• Thursday, Dec 03, 2020
  • Last Update : 04:50 pm

Sweden bucks global trend with experimental virus strategy

  • Published at 08:16 pm April 23rd, 2020
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'We’re on a sort of plateau'

Sweden has become an international outlier in its response to the deadly coronavirus outbreak by keeping schools open and adopting few other restrictions, as the Scandinavian nation embarks on what one health expert called a “huge experiment.” 

Sweden’s unusual approach to fighting the pandemic is starting to yield results, according to the country’s top epidemiologist.

Anders Tegnell, the architect behind Sweden’s relatively relaxed response to Covid-19, told local media the latest figures on infection rates and fatalities indicate the situation is starting to stabilize.

“We’re on a sort of plateau,” Tegnell told Swedish news agency TT.

When the UK went into lockdown last month, Sweden was the largest European country with the fewest limits on where people can go and what they can do. 

Schools for children up to the age of 16 remained open, many people continued to go to work and packed commuter trains and buses were reported this week in the capital, Stockholm. 

Swedish authorities have banned public gatherings of more than 500 people, closed universities and higher education colleges, and advised workers to stay at home if possible. 

Sweden is piling up coronavirus cases more slowly than Britain - without the need for an economically crippling lockdown. 

Over the last three days, Sweden added an average of 50 cases per million people, whereas Britain's figure was 73 despite a shutdown which has now been in place for a month. 

Britain's three-day average has been consistently higher than Sweden's since March 28, five days after Prime Minister Boris Johnson ordered the lockdown.  

The UK death rate is also higher at 10.2 per million over the last three days, compared to Sweden's 9.2.  

Johan Carlson, head of Sweden’s public health agency, last week defended Sweden’s approach, saying the country “cannot take draconian measures that have a limited impact on the epidemic but knock out the functions of society.”

But he conceded that the 90,000 figure for the number of people who die annually in Sweden would “increase significantly” if its healthcare system becomes overburdened.

There have been 16,000 reported Covid-19 cases in Sweden and 1,937 deaths. That compares with more than 6,000 deaths in Italy, Europe’s worst-affected country.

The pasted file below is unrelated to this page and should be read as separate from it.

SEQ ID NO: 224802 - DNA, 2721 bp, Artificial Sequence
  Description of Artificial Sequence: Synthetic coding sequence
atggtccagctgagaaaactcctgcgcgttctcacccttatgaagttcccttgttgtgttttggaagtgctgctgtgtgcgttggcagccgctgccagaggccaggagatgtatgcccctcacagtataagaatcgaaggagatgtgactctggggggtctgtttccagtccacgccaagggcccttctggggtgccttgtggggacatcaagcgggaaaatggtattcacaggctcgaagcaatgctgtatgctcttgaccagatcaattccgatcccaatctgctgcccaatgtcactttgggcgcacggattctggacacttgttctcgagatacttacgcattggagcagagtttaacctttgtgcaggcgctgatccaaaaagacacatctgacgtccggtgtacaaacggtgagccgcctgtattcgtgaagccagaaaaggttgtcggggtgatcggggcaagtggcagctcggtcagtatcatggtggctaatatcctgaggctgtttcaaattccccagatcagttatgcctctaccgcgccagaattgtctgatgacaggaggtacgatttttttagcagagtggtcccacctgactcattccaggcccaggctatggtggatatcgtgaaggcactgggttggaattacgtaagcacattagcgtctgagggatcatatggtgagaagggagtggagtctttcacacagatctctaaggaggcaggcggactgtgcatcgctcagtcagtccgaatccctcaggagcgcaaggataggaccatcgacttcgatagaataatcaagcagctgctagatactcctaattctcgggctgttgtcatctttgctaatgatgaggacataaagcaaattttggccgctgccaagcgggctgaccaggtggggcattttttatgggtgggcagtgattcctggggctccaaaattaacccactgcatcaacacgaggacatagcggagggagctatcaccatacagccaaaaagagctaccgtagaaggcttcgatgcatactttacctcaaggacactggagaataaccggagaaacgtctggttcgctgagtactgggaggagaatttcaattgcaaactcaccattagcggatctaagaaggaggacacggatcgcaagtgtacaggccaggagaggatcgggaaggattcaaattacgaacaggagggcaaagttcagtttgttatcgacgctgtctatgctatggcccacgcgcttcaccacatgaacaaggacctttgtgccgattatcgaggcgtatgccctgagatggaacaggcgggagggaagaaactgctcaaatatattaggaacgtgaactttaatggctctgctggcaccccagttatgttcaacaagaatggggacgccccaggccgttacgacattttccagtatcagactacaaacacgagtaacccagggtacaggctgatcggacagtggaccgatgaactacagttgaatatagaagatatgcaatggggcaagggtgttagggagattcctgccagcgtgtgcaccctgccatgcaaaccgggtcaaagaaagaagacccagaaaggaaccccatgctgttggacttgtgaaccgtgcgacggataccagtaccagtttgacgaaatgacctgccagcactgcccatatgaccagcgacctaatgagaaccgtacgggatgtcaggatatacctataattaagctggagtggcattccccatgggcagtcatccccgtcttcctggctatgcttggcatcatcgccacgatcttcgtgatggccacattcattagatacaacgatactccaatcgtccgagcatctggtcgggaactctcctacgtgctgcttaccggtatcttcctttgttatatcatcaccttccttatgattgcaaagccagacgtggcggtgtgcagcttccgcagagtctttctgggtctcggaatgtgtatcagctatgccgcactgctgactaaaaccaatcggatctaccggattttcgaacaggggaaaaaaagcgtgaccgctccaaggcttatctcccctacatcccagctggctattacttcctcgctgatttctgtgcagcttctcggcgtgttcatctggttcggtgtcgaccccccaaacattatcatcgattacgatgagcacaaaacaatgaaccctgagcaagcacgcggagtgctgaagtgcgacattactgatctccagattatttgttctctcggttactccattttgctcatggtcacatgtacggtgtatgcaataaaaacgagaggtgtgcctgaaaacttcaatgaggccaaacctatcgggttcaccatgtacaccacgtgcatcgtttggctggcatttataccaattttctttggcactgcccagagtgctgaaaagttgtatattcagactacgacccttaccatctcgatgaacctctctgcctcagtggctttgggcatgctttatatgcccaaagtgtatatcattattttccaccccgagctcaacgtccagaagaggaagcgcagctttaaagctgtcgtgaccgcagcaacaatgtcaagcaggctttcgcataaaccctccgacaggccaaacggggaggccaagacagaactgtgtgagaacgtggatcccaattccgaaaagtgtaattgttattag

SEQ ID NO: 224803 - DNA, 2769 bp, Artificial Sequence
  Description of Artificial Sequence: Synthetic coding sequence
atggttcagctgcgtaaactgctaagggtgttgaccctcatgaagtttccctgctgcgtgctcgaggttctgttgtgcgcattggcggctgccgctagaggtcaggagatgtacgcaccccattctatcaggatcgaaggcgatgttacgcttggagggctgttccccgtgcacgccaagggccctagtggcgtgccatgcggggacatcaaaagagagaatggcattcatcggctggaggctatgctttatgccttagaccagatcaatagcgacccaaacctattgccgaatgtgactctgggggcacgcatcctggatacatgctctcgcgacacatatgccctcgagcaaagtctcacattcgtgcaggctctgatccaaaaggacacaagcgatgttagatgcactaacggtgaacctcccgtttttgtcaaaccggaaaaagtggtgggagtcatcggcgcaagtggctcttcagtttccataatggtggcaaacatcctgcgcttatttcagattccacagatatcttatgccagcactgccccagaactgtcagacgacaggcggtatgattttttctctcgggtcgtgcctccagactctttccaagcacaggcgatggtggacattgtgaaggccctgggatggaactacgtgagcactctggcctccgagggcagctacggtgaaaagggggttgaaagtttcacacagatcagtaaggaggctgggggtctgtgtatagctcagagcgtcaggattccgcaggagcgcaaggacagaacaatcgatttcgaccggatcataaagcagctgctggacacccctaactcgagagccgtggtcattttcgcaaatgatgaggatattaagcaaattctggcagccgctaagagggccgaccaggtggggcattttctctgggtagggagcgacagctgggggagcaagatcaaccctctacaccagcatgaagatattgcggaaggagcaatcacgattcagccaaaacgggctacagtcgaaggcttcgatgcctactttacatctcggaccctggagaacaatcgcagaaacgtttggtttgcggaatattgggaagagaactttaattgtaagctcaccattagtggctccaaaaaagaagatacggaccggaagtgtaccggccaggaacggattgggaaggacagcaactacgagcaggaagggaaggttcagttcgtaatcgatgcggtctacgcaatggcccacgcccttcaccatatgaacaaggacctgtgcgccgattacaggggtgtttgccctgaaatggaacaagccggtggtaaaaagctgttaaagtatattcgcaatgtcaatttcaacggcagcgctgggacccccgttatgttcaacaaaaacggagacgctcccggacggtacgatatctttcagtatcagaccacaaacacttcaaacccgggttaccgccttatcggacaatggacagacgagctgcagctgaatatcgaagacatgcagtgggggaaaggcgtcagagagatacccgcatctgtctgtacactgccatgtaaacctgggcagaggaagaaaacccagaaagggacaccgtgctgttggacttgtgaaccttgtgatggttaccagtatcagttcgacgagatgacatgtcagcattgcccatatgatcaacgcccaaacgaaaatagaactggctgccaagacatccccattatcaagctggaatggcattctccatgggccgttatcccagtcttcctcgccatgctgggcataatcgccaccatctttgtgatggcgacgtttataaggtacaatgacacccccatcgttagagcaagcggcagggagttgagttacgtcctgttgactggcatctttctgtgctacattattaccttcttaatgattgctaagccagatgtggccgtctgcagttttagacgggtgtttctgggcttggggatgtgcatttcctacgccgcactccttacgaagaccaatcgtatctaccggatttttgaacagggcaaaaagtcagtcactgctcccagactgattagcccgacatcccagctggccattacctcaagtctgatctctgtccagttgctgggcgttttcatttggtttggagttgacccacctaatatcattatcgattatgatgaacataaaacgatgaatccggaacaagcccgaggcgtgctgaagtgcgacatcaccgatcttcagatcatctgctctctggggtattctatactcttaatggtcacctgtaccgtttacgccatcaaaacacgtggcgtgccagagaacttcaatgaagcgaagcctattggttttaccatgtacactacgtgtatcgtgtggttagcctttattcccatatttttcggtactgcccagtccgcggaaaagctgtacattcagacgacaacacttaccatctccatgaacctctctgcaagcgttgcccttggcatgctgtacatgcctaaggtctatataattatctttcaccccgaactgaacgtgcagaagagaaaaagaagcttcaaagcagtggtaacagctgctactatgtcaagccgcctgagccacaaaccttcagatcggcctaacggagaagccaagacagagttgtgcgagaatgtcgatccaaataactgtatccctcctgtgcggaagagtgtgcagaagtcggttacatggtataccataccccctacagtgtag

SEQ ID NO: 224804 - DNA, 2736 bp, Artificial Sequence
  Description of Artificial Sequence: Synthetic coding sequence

It’s unclear which strategy will ultimately prove most effective, and even experts in Sweden warn it’s too early to draw conclusions. But given the huge economic damage caused by strict lockdowns, the Swedish approach has drawn considerable interest around the world.

Part of that approach relies on having access to one of the world’s best-functioning health-care systems.

At no stage did Sweden see a real shortage of medical equipment or hospital capacity, and tents set up as emergency care facilities around the country have mostly remained empty.

Sweden’s Covid-19 strategy may ultimately result in a smaller -- albeit historically deep -- economic contraction than the rest of Europe is now facing, according to HSBC Global Research economist James Pomeroy.

“While Sweden’s unwillingness to lock down the country could ultimately prove to be ill-judged, for now, if the infection curve flattens out soon, the economy could be better placed to rebound,” he said.

Sweden's government continues to follow the guidelines of the country's public health agency, spearheaded by state epidemiologist Anders Tegnell.

Tegnell has said that the likelihood of a shutdown decreases day by day and the agency has been emphasising the effectiveness of the current restrictions.

”One advantage [of the Swedish strategy] is that the more voluntary restrictions can be upheld for a longer time," assistant state epidemiologist Anders Wallensten told Euronews.

"If you close society completely, there is more stress on the economy. This is probably more acceptable by the people in general.”

The primary goal of the strategy is to protect the most at-risk groups in society while also keeping institutions such as schools going, said the director of Sweden's public health agency, Karin Tegmark Wisell, in a recent interview on Swedish radio.

"The Swedish strategy is not about achieving herd immunity, even though that would help the development in Sweden," she added.

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